Wednesday, 22 May 2013

3. RHS Chelsea Flower Show 2013. New Trend for Hanging Gardens? Diarmuid Gavin slams Prince Harry's garden. Best Show Garden and Plant of the Year.



Gold for Warmenhoven.  
Amaryllis upside-down on a lighting gantry 

Warmenhoven alliums are on Facebook too.

The Diamond Jubilee Award was awarded to Dutch nursery,  bulb specialist Warmenhoven, for their amazing alliums, ornithogalum and amaryllis. Their alliums are cleverly planted in tiers. A lighting gantry is an imaginative way of displaying inverted hippeastrum amaryllis, and is a sensational sight to behold in the Pavilion.  

Frenchman Patrick Blanc, well-known for his vertical gardens, is currently working on upside-down gardens so this may be a new trend. 
Mahonia eurybrachteata subsp. ganpinensis ‘Soft Caress.’

The RHS Chelsea Plant of the Year 2013  was won by another Dutch nursery Van Son & Koot with a mahonia:  It is planted in the charity Seeability’s garden for blind or partially-sighted people.

A close-up of the miniature Buddhas.
Nong Nooch Tropical Botanical Garden in the Pavilion.
The idea of having gnomes this year was a good publicity stunt. They were allowed in for this year only, to raise money for the RHS charity to get schoolchildren into gardening. 

In actual fact any figurines but gnomes have been tolerated in the past, and in previous years miniature animals, ornaments, tea bags hanging from trees, plasticine flowers and Buddhist statuettes somehow slipped past the RHS censors, which seemed rather discriminatory against gnomes.

The Chelsea Flower Show has been snobbish about gnomes, (which are 'common' ) but there's plenty more pleb stuff to be seen . Main Avenue may be the posh Bond Street of the show: read Henry Wallop in the Daily Telegraph about the naffness around the corner.

Crufts has gone the whole hog, as this year it let mongrels compete, or cross-breeds as they are now called in this PC world of ours: they will allow them to compete in the future too, unlike gnomes at the Chelsea Flower Show.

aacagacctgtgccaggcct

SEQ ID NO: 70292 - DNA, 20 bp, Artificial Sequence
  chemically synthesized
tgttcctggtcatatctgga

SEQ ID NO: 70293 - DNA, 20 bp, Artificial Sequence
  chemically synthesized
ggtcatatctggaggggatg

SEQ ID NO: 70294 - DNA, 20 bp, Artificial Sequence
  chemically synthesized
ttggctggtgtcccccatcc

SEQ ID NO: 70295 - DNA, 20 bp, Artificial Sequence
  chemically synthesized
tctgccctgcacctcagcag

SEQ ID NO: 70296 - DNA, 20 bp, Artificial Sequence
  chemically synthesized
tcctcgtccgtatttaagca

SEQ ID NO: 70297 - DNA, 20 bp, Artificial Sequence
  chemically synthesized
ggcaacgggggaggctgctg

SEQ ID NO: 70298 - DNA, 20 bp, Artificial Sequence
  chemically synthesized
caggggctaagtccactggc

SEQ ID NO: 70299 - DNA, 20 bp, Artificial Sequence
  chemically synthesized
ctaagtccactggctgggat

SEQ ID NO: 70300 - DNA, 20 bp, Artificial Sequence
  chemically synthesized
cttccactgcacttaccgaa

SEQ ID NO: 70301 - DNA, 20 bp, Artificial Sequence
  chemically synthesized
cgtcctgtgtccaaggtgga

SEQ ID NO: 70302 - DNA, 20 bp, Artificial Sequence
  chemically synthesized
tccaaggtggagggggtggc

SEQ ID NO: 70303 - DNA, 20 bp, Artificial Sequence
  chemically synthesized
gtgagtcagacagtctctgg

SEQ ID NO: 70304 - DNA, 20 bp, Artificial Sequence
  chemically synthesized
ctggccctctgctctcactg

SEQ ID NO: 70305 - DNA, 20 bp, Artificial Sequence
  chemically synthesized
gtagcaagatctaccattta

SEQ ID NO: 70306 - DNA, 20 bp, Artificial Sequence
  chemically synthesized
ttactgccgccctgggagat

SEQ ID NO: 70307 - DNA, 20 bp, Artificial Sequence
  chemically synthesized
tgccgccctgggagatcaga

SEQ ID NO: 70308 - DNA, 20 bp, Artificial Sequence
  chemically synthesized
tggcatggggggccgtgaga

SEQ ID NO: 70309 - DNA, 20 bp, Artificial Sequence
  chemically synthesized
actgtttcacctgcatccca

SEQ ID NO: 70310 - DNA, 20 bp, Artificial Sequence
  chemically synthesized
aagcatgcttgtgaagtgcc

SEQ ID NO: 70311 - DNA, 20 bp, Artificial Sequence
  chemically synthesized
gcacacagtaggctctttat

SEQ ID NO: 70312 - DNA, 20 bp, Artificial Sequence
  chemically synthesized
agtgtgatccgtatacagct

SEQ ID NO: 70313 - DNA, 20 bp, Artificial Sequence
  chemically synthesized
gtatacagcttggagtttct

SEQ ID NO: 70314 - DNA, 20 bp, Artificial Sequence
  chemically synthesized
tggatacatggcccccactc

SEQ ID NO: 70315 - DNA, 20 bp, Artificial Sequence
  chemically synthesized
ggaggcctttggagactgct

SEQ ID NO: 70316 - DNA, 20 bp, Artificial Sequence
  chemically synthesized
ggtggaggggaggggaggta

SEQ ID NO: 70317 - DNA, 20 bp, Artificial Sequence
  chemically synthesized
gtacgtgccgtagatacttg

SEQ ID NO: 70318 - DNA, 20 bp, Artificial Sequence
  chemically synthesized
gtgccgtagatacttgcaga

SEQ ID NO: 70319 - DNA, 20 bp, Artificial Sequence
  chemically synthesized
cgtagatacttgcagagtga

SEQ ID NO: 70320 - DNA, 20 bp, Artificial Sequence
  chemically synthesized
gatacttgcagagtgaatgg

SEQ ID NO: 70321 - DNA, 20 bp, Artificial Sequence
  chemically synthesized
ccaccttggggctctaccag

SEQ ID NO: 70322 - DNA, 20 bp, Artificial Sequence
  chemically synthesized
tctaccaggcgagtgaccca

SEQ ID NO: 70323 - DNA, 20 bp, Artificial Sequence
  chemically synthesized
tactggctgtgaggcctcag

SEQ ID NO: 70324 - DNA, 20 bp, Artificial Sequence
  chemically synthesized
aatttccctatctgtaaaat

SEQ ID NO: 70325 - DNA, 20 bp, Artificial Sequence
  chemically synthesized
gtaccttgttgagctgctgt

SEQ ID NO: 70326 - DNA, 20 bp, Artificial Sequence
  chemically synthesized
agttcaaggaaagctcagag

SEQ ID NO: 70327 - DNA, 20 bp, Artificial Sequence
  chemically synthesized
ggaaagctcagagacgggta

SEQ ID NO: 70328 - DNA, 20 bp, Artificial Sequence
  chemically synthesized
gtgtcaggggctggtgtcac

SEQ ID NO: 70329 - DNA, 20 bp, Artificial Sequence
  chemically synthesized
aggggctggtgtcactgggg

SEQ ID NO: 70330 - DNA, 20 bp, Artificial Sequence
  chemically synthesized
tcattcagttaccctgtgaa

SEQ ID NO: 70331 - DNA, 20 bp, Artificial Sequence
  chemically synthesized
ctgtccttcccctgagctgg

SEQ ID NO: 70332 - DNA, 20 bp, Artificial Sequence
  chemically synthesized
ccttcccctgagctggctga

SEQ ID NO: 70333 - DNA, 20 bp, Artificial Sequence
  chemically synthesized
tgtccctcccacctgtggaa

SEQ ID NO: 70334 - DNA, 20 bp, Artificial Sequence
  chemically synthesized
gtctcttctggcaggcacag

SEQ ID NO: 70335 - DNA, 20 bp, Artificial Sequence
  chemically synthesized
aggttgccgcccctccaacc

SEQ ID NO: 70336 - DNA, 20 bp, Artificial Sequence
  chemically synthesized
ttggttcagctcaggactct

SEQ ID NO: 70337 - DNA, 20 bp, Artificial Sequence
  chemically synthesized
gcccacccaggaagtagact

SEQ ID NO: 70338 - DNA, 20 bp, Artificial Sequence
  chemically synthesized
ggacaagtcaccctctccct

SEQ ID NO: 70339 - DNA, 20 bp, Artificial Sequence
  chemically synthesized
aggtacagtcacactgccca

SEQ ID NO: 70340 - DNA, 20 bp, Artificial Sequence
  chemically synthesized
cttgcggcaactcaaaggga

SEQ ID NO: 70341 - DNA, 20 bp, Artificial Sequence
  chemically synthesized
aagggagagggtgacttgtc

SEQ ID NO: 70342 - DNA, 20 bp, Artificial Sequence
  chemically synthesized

There seemed to be less decking this year thank goodness, and more muted colours in the show gardens: a sign of austerity perhaps? 

Diarmuid Gavin a "celebrity" gardener, has been churlish about this year's Chelsea Flower Show, and has slammed the Sentebale garden, calling it "bad", but without explanation as to why. Prince Harry's garden is to raise money for vulnerable children in Lesotho.

Last year Dubliner Gavin had the most ridiculous garden at Chelsea; a poor effort at a vertical garden; moreover who would want a such a thing in theirs? It could be used at Blackpool or similar though. It had a lift, a cafe, greenhouses, a slide and a bare patch at the top. He won the most Creative Garden Show award for it in 2012. His 2004 effort featured lollipops.

 D Gavin's Westland Magical Tower Garden 2012

Silver Gilt. 2004. Colourful Suburban Eden. D Gavin



   Best Show Garden. Selection of exotic plants 
  from Trailfinders' Australian Garden by Fleming's.
This is sadly Fleming's last year at Chelsea. 



      Gold: Telegraph Garden . Yew, box and beech

designed by Christopher Bradley-Hole 


 Silver Gilt: Jinny Blom's Sentebale B & Q Garden: 
Cow parley, campions and forget-me-knots

Gold:The Laurent-Perrier Garden 
 Ulf Nordfjel's garden was inspired by the Mediterranean 
 Best Fresh Garden Category
Silver Gilt: Massachusetts Garden. 
Columbines, peonies, poppies and flowering dogwood trees.

 
Best Artisan Garden:  Japanese Alcove (Tokonoma) Garden.
designed by Kazuyuki Ishihara 
  
The Tokonoma is an alcove for important talks in the ancient Japanese culture.

and ercheums 
 Arthritis Research UK garden

"The open texture of the wire gives a sense of freedom and release as a person with arthritis learns to manage their condition and live their life to the full."

Cirrus Trees by Guild.

Gold: Matthew Soper's 15th Gold at Chelsea
Sarracenia carniverous pitcher plants  
S. flava var. rubricorpa Gold

Silver Gilt: Juxtaposition: Jack Dunckley, 20,  
Birchfield Nursery in Sussex.

Jack's imaginative garden was shown on the BBC last night. The juxtaposition is between desert and tropical conditions, shown on either side of a printed perspex screen. The contrast is a bit like the Eden Project in Cornwall,  when you go from the Mediterranean dome to the lush tropical zone in the other dome close by.